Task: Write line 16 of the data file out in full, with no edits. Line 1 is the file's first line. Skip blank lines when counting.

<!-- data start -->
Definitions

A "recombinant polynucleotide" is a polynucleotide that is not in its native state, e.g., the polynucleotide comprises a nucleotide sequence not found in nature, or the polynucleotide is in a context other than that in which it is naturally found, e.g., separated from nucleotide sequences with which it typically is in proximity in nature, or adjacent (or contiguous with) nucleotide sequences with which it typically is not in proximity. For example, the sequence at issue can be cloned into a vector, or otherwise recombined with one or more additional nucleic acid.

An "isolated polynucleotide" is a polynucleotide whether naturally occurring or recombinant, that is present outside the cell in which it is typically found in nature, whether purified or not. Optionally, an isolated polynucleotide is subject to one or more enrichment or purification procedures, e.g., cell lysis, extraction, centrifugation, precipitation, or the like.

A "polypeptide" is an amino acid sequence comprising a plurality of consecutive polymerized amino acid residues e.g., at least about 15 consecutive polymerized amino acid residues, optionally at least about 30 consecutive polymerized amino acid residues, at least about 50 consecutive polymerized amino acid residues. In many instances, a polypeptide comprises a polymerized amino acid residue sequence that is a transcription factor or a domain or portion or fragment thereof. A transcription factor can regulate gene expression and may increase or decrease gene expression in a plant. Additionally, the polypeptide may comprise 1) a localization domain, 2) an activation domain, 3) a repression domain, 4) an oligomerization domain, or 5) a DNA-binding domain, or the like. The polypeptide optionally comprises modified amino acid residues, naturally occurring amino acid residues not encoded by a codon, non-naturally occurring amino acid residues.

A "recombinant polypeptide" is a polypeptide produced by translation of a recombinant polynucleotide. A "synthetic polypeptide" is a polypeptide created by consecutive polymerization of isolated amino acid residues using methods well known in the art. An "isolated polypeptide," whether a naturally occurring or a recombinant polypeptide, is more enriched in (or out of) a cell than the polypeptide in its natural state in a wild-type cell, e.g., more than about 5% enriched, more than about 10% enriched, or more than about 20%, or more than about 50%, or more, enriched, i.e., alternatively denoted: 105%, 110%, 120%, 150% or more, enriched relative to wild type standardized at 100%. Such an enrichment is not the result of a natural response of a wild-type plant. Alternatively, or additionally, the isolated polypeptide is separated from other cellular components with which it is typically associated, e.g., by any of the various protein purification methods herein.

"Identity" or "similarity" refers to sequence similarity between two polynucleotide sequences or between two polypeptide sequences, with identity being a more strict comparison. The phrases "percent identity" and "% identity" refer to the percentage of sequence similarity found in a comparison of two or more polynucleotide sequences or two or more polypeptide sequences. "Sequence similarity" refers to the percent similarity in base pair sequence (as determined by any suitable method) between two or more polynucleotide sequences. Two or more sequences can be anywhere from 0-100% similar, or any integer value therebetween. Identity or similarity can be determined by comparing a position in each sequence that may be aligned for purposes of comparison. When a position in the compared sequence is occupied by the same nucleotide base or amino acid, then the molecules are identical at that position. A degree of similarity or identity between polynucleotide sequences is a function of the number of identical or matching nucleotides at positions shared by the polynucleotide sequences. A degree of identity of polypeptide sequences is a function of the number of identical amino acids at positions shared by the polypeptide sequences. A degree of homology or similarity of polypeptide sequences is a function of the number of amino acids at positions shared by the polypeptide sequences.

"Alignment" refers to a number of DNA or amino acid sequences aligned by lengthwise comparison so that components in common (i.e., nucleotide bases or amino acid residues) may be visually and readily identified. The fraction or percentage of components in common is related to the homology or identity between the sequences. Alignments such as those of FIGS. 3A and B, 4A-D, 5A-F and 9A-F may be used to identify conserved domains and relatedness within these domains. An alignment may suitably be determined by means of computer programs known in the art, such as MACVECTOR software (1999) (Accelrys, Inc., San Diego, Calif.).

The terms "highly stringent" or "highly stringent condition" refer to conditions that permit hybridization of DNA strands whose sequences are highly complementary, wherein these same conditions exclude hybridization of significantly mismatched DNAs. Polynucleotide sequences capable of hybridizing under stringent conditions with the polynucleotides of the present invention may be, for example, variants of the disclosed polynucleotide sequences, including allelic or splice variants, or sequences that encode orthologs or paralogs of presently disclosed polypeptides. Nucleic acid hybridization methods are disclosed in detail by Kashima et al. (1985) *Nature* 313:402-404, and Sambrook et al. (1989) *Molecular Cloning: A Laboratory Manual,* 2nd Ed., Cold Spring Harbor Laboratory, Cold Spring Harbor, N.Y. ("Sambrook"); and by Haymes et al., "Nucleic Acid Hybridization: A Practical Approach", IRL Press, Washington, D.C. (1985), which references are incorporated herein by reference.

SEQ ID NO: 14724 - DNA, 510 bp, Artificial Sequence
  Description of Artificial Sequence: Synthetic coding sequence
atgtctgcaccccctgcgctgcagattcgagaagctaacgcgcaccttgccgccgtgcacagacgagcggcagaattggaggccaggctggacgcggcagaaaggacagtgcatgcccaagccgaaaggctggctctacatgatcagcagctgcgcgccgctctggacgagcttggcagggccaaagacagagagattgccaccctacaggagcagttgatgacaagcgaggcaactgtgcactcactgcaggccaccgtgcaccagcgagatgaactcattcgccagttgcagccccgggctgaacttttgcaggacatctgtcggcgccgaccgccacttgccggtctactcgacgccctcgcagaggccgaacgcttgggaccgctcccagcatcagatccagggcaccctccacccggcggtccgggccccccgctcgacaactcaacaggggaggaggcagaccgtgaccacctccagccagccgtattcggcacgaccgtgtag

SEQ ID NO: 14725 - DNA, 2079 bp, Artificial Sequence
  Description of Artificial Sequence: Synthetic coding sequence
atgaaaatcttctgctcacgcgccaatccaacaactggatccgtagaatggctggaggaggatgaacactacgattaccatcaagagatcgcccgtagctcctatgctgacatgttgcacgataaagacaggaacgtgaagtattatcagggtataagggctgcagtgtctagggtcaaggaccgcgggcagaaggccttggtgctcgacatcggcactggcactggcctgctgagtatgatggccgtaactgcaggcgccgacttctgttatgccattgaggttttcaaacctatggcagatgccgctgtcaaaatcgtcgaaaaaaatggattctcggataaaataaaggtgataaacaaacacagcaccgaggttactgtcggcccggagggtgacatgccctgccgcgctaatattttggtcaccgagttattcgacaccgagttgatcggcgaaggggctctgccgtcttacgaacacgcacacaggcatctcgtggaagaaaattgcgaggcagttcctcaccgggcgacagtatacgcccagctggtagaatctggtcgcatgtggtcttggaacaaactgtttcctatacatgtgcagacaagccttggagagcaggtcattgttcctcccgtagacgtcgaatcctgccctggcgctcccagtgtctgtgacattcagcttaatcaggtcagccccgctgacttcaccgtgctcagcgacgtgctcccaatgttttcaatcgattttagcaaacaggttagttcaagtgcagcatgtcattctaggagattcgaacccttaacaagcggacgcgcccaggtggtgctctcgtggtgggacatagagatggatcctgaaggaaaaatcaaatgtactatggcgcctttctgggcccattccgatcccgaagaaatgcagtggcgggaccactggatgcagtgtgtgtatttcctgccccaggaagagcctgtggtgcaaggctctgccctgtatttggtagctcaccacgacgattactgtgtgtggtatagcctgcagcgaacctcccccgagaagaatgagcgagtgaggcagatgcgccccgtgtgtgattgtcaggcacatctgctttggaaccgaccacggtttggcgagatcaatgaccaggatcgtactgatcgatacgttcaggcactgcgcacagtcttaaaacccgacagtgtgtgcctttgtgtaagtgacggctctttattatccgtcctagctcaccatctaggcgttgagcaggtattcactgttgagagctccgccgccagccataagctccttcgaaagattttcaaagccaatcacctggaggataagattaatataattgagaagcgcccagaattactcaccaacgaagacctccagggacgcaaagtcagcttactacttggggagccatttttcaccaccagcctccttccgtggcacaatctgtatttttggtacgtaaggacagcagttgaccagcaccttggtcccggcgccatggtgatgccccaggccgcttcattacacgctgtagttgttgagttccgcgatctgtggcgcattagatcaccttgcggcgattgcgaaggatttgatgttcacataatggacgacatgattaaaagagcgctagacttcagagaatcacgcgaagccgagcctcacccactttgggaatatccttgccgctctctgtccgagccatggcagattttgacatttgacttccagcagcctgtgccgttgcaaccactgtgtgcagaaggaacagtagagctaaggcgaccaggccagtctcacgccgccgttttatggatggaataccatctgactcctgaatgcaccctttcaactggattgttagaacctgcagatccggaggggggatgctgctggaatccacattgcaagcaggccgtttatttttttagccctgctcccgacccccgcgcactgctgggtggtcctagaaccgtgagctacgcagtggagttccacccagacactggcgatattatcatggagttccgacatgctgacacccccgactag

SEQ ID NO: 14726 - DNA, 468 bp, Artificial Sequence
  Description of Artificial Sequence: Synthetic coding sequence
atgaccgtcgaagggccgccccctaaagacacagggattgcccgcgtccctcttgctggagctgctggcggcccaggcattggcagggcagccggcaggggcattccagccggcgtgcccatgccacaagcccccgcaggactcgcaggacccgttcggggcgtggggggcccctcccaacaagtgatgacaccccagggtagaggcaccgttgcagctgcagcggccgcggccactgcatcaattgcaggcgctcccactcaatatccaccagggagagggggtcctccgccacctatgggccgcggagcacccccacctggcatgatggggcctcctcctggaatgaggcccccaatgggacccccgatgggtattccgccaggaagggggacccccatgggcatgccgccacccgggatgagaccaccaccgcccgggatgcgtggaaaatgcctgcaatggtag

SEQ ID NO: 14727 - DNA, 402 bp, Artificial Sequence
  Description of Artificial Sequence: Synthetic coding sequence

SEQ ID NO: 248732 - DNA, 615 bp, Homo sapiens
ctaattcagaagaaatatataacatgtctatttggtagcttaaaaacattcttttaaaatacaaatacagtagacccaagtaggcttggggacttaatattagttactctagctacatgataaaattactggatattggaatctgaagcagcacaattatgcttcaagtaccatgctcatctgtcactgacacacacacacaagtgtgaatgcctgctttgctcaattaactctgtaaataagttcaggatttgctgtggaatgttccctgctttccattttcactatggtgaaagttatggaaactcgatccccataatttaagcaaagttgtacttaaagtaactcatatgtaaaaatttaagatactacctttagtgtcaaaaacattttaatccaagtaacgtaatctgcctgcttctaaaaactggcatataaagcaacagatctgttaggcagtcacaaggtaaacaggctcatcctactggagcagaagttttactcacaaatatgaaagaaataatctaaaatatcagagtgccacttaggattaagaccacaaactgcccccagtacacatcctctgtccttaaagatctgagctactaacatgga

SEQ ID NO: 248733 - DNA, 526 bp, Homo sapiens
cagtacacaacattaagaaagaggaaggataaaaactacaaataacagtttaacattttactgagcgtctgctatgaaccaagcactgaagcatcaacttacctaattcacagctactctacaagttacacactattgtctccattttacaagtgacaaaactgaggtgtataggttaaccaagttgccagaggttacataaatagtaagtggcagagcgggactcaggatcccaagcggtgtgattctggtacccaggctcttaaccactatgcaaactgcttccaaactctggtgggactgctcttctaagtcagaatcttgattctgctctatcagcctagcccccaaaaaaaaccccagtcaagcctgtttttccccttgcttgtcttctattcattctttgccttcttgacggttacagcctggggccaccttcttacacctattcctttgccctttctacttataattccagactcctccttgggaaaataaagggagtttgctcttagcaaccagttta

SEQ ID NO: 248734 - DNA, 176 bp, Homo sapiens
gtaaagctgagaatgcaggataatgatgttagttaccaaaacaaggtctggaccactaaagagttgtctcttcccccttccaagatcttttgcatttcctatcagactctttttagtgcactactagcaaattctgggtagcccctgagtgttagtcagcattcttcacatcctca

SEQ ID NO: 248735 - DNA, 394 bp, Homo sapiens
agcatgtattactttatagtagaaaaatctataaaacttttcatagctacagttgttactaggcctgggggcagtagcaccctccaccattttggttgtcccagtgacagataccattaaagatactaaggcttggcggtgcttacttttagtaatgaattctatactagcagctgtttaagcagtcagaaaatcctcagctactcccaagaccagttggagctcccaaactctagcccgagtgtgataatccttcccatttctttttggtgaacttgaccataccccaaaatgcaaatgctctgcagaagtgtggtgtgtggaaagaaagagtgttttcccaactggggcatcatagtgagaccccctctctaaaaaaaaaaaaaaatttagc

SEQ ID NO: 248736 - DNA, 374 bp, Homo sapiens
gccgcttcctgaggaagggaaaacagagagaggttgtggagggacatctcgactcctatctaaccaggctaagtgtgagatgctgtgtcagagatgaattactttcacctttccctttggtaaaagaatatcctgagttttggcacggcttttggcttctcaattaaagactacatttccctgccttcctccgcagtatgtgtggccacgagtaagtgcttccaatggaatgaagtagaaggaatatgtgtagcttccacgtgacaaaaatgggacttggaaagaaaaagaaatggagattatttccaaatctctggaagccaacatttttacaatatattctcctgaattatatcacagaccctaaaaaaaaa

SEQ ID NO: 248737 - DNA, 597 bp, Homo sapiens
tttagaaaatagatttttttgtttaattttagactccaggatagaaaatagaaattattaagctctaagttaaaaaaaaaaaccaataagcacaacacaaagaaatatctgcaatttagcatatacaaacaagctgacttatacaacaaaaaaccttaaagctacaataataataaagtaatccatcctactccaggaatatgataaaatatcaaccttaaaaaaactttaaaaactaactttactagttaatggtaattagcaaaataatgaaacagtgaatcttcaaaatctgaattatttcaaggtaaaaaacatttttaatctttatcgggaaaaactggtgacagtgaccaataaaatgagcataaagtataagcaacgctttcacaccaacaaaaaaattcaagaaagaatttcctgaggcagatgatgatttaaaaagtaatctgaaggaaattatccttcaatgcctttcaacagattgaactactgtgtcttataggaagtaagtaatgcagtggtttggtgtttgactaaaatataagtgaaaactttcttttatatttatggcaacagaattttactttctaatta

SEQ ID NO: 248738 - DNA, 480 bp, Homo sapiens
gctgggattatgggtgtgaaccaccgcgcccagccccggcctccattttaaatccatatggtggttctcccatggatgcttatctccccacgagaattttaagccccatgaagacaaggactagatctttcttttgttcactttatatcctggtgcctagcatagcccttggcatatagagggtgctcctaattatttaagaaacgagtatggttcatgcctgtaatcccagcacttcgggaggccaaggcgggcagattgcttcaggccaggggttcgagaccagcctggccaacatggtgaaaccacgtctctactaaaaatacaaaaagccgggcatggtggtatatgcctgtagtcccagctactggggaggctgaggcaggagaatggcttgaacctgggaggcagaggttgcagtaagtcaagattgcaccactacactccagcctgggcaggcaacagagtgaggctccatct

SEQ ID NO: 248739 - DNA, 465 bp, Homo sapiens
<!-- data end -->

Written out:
  Description of Artificial Sequence: Synthetic coding sequence